Race to the Finish

April 23, 2010

You’ve heard the phrase about eyes being windows to the soul?  Well, the first thing you notice about actor Malcolm McDowell is his eyes.  In fact I first noticed them earlier in the week before we sat down for our interview.  I was at the Palliser Hotel in Calgary and he was staying there ahead of his appearance at the Calgary Comic Expo.  I was in the middle of a different chat with Ryan Stiles, in town to perform with Whose Live Anyway?, when McDowell walked across the lobby to meet associates.  In a black pea coat and white scarf, Stiles and I couldn’t NOT notice him.  His eyes you see coming from so far away that you are convinced he is a man of ubiquitous purpose.

Stiles went up to him and introduced himself.  I saved myself for our interview two days later.   McDowell did say he watched Whose Line on TV and he was a fan.  They explained each other’s presence in Calgary and then we all went our separate ways.

My interview opportunity happened on a Saturday afternoon in between Malcolm McDowell’s appearances on the floor of the convention.  I waited in a 2nd Floor meeting room and his assistant came in with the actor in tow.

McDowell’s eyes are all output.  You can’t even begin to see into his soul because his eyes are too busy looking into your’s.

“You have 12 minutes,” the assistant ordered.

12 minutes, I thought.  How specific.

“Ah, 12 minutes!” McDowell shouted. “Plenty of time to sum up a 47 year career.”

I already had a feeling that he might conspire with me to stretch that time a little.

You don’t get to chat with a Malcolm McDowell very often so I was mindful of two things.  One, to not waste his time with questions he’s answered too often before. And Two, try and engage him with things he enjoys outside of acting.  I mean, press junkets are boring gauntlets to run for the people who run them.  We, the media, might be getting a small thrill from an exchange we’ll remember for a long time.  For an actor, say, they will have forgotten our names almost as soon as we have mentioned them.

So, in 12 minutes, my goal was to make it entertaining for him.  In 47 years, he must have a story or two to share.

He did.

We started by acknowledging our surroundings at the Palliser Hotel and how hotels and pubs were a constant in Malcolm McDowell’s upbringing.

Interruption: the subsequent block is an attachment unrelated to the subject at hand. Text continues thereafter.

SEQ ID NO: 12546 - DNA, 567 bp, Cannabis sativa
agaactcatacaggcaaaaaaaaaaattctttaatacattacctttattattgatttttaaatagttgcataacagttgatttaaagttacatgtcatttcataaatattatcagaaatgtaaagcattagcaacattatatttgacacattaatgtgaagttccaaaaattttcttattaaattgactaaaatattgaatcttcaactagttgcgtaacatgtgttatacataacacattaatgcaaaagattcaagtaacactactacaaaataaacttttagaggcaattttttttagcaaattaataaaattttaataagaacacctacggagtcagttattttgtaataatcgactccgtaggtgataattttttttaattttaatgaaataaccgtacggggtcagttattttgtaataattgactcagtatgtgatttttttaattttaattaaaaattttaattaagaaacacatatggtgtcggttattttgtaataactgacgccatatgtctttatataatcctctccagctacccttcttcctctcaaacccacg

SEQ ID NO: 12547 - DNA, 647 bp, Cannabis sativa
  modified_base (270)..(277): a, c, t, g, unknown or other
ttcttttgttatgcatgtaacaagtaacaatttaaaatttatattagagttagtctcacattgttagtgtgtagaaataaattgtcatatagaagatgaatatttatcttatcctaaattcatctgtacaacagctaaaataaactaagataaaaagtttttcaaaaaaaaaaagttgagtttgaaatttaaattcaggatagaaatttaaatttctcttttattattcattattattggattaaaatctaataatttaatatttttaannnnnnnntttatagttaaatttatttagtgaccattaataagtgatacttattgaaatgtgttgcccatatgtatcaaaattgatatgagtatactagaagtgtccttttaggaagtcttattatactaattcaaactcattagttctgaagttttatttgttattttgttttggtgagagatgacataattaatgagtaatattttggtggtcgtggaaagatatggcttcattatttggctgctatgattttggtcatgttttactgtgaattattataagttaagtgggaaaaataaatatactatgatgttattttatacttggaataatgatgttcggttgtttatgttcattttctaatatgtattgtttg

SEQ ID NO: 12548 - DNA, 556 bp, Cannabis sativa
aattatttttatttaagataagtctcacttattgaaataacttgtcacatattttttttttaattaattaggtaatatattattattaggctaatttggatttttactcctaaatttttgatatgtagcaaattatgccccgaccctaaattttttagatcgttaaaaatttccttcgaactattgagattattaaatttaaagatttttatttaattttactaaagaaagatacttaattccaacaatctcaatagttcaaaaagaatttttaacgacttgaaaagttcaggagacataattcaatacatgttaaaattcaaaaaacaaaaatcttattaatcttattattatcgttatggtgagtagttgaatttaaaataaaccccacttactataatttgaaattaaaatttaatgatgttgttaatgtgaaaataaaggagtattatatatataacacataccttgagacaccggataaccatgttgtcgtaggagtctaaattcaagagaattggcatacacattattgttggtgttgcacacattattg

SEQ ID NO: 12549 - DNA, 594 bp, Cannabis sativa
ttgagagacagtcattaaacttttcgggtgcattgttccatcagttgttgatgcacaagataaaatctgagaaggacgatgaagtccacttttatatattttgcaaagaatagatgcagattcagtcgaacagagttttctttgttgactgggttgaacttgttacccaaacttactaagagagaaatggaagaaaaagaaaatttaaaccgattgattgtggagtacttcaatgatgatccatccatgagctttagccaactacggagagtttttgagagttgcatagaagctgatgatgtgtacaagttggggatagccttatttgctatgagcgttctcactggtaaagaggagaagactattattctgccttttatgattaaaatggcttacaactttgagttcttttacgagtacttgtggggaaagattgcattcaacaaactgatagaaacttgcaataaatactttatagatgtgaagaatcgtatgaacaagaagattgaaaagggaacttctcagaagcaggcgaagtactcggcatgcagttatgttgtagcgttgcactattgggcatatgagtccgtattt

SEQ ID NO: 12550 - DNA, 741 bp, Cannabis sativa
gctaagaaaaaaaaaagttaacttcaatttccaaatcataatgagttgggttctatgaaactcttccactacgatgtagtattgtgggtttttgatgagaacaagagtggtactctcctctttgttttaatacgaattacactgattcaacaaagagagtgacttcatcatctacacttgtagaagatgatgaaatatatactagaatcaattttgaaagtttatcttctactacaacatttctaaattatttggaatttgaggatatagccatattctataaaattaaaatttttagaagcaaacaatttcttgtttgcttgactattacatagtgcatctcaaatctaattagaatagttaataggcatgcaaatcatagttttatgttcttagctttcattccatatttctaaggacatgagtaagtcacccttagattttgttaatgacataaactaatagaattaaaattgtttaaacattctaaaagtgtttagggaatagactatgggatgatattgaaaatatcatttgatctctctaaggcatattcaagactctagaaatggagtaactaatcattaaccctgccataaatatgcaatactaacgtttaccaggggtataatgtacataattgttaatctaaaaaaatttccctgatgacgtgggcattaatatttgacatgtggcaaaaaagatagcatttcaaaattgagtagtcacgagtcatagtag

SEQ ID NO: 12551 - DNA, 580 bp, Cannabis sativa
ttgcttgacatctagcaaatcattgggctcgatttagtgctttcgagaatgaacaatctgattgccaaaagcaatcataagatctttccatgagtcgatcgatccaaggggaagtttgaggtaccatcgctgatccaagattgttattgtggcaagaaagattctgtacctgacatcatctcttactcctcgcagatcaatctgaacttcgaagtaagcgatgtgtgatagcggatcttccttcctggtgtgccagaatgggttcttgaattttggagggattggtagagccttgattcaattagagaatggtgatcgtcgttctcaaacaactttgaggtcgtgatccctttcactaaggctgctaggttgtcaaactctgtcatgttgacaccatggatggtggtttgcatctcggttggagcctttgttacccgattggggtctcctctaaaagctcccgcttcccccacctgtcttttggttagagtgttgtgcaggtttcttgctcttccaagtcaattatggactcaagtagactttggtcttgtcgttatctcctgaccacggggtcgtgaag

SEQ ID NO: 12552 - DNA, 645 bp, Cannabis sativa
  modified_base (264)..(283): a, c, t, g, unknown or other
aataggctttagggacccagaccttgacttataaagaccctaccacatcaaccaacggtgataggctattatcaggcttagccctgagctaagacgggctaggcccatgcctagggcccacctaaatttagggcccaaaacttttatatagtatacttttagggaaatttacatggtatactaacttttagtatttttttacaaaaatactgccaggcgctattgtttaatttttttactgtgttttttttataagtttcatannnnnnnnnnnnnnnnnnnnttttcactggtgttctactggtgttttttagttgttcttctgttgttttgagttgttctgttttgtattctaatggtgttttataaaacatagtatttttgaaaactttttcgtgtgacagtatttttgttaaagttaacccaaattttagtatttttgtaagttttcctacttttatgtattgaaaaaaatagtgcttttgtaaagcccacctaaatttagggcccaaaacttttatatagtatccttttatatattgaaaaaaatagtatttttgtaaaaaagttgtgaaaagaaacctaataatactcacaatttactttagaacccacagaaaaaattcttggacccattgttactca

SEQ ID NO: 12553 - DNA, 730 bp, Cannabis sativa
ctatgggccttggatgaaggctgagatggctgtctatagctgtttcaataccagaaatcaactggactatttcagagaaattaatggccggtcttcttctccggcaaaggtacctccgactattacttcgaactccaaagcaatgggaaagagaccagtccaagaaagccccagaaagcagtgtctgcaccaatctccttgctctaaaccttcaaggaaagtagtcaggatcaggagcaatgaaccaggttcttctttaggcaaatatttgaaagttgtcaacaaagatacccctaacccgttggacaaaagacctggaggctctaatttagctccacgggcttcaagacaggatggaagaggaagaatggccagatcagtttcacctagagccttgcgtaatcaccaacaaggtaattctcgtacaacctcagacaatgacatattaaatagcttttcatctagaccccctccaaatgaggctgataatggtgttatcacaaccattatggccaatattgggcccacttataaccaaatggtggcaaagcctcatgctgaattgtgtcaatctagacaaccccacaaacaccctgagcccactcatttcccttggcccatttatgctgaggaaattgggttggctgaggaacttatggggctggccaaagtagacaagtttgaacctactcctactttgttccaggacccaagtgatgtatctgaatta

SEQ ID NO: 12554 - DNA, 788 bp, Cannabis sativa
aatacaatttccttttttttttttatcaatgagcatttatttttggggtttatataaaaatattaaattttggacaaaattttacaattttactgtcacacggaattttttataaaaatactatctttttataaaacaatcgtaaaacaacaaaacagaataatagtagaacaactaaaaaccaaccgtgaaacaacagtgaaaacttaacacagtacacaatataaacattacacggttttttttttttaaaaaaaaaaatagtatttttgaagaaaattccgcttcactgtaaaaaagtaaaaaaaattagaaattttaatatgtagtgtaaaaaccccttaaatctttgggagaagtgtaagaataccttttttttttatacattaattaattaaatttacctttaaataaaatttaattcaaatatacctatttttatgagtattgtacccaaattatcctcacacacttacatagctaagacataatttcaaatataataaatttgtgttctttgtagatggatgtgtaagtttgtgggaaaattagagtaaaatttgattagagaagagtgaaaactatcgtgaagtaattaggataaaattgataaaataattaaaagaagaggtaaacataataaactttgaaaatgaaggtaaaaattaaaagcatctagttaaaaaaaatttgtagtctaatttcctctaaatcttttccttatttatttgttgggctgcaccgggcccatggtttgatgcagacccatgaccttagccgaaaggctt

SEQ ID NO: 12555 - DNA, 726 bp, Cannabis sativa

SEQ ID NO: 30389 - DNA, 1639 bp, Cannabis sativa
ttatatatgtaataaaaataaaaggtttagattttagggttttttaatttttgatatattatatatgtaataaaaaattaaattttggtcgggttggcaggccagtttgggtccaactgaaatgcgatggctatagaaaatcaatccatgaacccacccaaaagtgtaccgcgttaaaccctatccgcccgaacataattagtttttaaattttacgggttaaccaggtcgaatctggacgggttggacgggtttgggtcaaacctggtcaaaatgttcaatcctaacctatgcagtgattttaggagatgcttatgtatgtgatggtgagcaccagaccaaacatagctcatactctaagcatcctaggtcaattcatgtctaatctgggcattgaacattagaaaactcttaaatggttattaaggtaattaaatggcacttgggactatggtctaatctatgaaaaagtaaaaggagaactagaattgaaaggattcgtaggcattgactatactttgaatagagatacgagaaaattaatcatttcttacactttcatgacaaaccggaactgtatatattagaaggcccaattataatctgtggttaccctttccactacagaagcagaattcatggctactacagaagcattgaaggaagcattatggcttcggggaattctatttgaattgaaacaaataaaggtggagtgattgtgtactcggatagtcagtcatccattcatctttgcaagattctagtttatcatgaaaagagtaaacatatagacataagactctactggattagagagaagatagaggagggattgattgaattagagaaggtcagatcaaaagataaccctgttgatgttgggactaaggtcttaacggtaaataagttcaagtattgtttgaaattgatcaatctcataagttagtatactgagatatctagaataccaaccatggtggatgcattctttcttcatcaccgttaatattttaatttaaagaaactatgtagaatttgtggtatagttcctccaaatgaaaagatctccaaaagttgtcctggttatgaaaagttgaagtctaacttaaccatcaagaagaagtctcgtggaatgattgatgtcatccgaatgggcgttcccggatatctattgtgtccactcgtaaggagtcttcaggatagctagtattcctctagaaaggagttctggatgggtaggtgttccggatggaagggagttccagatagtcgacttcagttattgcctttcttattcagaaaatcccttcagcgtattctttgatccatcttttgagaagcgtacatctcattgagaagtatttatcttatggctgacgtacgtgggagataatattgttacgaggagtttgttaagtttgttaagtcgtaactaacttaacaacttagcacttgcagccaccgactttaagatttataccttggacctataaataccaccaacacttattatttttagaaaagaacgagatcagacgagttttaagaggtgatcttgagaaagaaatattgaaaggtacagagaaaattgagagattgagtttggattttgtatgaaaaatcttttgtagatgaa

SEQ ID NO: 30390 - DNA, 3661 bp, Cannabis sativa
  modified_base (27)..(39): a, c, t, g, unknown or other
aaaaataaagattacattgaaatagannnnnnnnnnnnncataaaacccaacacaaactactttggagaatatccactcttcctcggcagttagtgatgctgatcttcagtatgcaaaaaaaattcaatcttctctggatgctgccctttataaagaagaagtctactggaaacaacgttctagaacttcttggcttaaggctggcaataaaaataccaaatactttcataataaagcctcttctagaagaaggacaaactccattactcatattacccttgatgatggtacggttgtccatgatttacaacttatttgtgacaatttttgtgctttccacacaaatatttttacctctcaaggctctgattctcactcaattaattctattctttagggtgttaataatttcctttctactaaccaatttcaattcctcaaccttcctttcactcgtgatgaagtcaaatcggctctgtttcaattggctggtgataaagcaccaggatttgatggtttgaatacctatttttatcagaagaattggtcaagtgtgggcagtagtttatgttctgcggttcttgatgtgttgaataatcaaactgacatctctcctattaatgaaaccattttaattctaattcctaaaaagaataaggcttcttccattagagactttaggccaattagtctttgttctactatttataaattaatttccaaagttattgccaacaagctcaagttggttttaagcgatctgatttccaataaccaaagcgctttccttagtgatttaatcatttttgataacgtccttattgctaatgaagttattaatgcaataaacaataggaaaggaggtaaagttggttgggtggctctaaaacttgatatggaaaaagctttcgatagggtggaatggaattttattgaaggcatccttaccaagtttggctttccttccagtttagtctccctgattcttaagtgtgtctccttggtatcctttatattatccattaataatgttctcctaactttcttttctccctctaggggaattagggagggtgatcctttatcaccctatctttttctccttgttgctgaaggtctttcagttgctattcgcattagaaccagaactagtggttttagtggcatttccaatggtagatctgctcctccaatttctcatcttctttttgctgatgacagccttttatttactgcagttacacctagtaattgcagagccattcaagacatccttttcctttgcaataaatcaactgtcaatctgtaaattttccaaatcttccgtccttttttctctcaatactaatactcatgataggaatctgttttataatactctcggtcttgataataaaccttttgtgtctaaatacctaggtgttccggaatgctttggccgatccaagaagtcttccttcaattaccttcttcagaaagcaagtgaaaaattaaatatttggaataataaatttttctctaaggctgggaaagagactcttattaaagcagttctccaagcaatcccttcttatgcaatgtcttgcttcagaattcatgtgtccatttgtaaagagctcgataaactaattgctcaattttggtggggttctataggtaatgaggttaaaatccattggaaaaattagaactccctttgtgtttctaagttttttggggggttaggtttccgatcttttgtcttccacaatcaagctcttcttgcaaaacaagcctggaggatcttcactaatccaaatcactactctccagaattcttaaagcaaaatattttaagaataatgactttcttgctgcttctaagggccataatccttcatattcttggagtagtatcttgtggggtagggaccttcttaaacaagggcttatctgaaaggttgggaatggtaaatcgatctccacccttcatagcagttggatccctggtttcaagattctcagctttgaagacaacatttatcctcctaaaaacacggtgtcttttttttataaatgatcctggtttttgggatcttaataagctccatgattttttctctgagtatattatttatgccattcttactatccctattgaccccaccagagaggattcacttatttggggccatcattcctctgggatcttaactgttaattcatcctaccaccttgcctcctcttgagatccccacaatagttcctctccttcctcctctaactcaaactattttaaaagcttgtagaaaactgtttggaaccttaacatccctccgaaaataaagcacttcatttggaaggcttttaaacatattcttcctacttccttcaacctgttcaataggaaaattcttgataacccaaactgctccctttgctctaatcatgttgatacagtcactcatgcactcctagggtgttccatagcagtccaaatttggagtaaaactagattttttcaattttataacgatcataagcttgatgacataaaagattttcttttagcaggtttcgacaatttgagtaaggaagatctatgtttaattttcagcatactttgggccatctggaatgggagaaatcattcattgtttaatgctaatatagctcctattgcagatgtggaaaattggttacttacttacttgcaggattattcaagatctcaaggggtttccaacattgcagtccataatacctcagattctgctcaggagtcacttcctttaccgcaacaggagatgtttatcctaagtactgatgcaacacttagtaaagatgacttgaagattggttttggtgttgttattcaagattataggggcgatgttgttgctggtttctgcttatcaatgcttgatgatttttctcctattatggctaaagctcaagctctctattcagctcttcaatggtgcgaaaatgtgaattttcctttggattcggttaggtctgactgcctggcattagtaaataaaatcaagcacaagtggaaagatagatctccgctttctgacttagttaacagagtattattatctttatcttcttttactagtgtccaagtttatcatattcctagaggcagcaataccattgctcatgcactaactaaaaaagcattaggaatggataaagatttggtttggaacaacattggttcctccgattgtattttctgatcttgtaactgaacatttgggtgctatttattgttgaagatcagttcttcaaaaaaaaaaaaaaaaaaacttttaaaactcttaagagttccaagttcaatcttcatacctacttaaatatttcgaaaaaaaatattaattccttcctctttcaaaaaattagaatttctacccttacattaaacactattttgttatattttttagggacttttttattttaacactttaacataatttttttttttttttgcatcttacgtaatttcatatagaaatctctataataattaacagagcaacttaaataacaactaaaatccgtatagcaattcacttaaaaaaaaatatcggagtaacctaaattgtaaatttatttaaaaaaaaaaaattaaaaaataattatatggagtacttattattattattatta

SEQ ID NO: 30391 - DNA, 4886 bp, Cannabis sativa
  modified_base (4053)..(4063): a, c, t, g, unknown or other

MALCOLM MACDOWELL:  Indeed I was brought up in hotels and pubs.

Pubs, particularly, are not very nice places for children. I went to sleep with the chinking of glasses and laughter in the distance. But it’s nice to get into a hotel occasionally that’s a nice as this, a very elegant hotel and a surprise.

RUSSELL BOWERS:  When you travel for work or for appearances, how much does hotel life like home?

MM:  Listen, if you agree to do these conferences, it’s best to put a smile on your face and your best foot forward. It’s nice to get out occasionally and meet the fans who’ve supported my career thru the decades… and were getting up there now, so 2 or 3 times a year I am happy to do it.

People like to have an opinion, they tell you what they liked or didn’t – not that it matters to what you’ve done, or will do – but often they are just fans and very pleasant. Touch wood, I’ve never really had a bad experience at one of these things.

RB:  Are there moments when you do come away with something surprising during a fan interaction?

MM:  Absolutely! There’s always something that somebody brings you to sign that you’ve never seen or is an extraordinary piece of artwork. At the last convention I did, an Italian poster collector brought me the most incredible Italian version of a Clockwork Orange poster, which he gave me. He had others, so I didn’t feel too bad about taking it. Of course, he got me to sign all the others. I’m having the poster backed on canvas and framed because it’s so beautiful.

RB:  What do you recall about the day that Clockwork Orange and Stanley Kubrick came into your life?

MM:  Well, he asked to see me. I was a shooting another movie close by on Else Street and I went to see him during my lunch hour. We spoke and it was really just small talk. Then at the end he said, “I’ve got a book I’d like you to read.” I could see his hesitation, he didn’t want to say the title out loud.

So, he said, conspiratorily, “Have you ever heard of Clockwork Orange?”


“You haven’t?”


“Well, it’s kind of an underground book. Every rock group loves it.”

The Stones and Mick Jagger, I learned later, owned the rights for a time and actually were going to do it, but wouldn’t have involved Kubrick, of course. And I’m glad they didn’t.

But a lot of their early recordings, there’s a lot of nadsack stuff going on, real horror show stuff. Mick Jaggar was a great fan of that and subsequently I knew him reasonably well and he loved the movie. Clockwork really was rock and roll and it makes me very proud to think of that, actually.

RB:  Mick’s been known to dabble in acting.

MM:  Yes, he has. On occasion, been rather good, I’d say. I still think his best film was one early in his career called Performance. It was directed by Nick Rogue and Donald Camel. And in a way, Mick played himself. It was very bizarre but he was extraordinary in it.

RB:  He had a cameo in The Bank Job just recently.

MM:  Yes, he was one of the producers, so a little cameo, RE Alfred Hitchcock, perhaps is required from the mega-star rocker associated with the production. I liked The Bank Job, I thought it was a terrific movie, incidentily.

RB:  One of the other roles that you’re most closely associated with is as “The Man who killed Kirk.”

MM:  Yes, I am, indeed. I only did one Star Trek and I guess I did THE one.  I turned the part down a couple of times, because the money was so bad, but they did get the money up eventually.

I said, “So what!? I didn’t give a damn about Kirk! It’s a part. Pay me. You’re going to make millions out of it.”

“Well, we could get anybody to do it.”

I said, “Then go ahead. Get anybody.”

RB:  Having taken the role of Dr. Soren, what do you think you brought to the role that nobody else could have.